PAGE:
Colored Glass Chemistry: How Does It Work?

This glassware gets its deep blue color from cobalt.

Mint Images/Tim Robbins / Getty Images

Early glass derived its color from impurities that were present when the glass was formed. For example, 'black bottle glass' was a dark brown or green glass, first produced in 17th Century England. This glass was dark due to the effects of the iron impurities in the sand used to make the glass and the sulfur from the smoke of the burning coal used to melt the glass.

Man-made Glass Coloration

In addition to natural impurities, glass is colored by purposely introducing minerals or purified metal salts (pigments). Examples of popular colored glasses include ruby glass (invented in 1679, using gold chloride) and uranium glass (invented in the 1830s, glass that glows in the dark, made using uranium oxide).

Sometimes it is necessary to remove unwanted color caused by impurities to make clear glass or to prepare it for coloring. Decolorizers are used to precipitate out iron and ​sulfur compounds. Manganese dioxide and cerium oxide are common decolorizers.

Special Effects

Many special effects can be applied to glass to affect its color and overall appearance. Iridescent glass, sometimes called iris glass, is made by adding metallic compounds to the glass or by spraying the surface with stannous chloride or lead chloride and reheating it in a reducing atmosphere. Ancient glasses appear iridescent from the reflection of light off of many layers of weathering.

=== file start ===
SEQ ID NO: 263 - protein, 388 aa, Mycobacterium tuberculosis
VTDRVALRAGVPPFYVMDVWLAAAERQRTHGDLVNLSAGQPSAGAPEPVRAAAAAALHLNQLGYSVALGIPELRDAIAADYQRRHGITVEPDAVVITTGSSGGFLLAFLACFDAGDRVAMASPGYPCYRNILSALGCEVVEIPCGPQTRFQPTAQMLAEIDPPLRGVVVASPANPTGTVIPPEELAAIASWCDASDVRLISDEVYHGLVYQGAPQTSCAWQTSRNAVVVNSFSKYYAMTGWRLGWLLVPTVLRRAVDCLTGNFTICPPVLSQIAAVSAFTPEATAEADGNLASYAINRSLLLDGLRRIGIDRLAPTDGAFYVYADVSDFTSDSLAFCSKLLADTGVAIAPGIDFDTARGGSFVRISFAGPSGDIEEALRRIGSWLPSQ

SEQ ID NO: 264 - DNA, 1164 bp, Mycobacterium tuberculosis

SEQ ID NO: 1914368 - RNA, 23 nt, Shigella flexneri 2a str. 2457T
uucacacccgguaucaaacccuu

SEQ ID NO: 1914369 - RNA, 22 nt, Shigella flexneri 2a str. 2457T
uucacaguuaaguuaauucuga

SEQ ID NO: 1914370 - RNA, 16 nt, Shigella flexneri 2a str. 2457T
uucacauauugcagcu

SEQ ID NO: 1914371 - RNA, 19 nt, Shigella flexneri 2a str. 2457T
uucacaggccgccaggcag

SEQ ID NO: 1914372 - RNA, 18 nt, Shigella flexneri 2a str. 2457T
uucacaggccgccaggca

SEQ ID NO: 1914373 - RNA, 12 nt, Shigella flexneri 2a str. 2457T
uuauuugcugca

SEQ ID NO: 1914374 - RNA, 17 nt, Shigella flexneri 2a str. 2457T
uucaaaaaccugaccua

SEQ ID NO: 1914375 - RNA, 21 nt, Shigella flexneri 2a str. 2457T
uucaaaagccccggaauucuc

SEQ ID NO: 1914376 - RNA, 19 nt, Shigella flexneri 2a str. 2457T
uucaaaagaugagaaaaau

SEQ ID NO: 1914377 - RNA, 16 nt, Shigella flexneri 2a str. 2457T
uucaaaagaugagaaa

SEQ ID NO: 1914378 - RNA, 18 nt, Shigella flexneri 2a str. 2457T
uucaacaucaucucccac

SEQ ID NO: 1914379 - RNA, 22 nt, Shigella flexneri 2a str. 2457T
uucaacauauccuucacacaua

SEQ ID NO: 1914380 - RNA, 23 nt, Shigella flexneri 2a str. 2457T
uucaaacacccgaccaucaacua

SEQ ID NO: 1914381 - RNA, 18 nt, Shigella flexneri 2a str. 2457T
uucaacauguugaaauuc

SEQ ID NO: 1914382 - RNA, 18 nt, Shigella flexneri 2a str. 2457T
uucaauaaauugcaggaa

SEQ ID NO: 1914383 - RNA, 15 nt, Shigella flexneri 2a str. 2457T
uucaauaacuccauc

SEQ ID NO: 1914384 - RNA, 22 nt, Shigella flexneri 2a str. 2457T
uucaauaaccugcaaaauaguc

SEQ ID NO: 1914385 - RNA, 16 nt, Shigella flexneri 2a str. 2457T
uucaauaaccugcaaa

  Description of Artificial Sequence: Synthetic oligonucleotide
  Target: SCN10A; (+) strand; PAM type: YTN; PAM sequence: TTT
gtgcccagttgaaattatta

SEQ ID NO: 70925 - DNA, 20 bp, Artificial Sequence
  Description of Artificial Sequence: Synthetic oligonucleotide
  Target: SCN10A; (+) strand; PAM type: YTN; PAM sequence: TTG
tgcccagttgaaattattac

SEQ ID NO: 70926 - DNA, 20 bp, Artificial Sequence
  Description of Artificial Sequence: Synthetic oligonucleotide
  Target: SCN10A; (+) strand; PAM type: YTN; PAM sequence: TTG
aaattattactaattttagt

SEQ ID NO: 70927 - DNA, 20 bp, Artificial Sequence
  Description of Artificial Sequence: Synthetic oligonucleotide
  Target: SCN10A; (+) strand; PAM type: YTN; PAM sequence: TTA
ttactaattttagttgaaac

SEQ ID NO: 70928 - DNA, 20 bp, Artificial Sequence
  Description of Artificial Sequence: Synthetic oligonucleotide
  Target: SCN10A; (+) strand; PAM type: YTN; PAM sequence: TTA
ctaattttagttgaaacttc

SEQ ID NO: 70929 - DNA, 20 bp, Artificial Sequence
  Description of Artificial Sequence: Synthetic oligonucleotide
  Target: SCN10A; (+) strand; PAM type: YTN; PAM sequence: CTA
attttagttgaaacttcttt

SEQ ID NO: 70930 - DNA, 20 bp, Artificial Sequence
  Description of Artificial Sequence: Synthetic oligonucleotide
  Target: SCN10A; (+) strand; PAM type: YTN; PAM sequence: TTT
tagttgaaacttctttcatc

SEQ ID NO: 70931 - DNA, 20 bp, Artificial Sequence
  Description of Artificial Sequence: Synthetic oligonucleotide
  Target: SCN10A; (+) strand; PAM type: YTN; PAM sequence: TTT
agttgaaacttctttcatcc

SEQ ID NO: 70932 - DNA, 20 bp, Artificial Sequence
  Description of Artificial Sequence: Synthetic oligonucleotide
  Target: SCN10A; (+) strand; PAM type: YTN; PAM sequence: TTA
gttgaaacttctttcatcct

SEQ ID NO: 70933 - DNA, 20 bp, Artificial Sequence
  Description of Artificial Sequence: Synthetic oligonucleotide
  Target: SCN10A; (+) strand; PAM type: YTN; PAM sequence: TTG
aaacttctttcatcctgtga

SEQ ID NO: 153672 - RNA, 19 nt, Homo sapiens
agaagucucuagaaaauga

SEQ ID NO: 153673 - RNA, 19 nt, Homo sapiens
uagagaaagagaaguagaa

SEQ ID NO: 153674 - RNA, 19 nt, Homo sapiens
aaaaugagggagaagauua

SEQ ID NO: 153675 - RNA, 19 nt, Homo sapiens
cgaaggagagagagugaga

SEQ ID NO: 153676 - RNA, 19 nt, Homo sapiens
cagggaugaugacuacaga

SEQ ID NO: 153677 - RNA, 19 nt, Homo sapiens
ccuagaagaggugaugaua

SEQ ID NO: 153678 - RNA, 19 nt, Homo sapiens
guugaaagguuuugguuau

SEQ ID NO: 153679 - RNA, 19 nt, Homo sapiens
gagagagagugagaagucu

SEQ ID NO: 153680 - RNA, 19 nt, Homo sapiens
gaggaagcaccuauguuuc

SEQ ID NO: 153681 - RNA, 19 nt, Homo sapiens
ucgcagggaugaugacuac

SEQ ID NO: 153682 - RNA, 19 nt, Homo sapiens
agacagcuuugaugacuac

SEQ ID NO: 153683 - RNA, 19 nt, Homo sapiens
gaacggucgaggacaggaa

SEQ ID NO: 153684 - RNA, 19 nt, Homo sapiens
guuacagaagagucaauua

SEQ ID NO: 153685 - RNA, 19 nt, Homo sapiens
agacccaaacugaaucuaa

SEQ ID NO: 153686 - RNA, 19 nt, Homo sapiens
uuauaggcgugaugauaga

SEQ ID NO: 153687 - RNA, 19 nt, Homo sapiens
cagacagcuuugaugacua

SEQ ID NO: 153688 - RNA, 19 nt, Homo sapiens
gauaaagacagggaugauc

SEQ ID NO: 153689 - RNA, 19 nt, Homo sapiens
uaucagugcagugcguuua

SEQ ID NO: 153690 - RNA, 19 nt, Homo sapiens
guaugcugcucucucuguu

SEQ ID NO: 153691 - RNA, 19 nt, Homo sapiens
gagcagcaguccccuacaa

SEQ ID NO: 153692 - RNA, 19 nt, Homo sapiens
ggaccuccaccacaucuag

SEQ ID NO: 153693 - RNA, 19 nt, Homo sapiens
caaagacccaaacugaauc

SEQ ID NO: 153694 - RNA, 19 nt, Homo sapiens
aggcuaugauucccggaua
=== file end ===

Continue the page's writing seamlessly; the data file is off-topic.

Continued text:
Dichroic glass is an iridescent effect in which the glass appears to be different colors, depending on the angle from which it is viewed. This effect is caused by applying very thin layers of colloidal metals (e.g., gold or silver) to the glass. The thin layers are usually coated with clear glass to protect them from wear or oxidation.

Glass Pigments

Compounds Colors
iron oxides greens, browns
manganese oxides deep amber, amethyst, decolorizer
cobalt oxide deep blue
gold chloride ruby red
selenium compounds reds
carbon oxides amber/brown
a mix of manganese, cobalt, iron black
antimony oxides white
uranium oxides yellow-green (glows!)
sulfur compounds amber/brown
copper compounds light blue, red
tin compounds white
lead with antimony yellow
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Your Citation
Helmenstine, Anne Marie, Ph.D. "Colored Glass Chemistry: How Does It Work?" ThoughtCo, Aug. 25, 2020, Helmenstine, Anne Marie, Ph.D. (2020, August 25). Colored Glass Chemistry: How Does It Work? Retrieved from Helmenstine, Anne Marie, Ph.D. "Colored Glass Chemistry: How Does It Work?" ThoughtCo. (accessed June 2, 2023).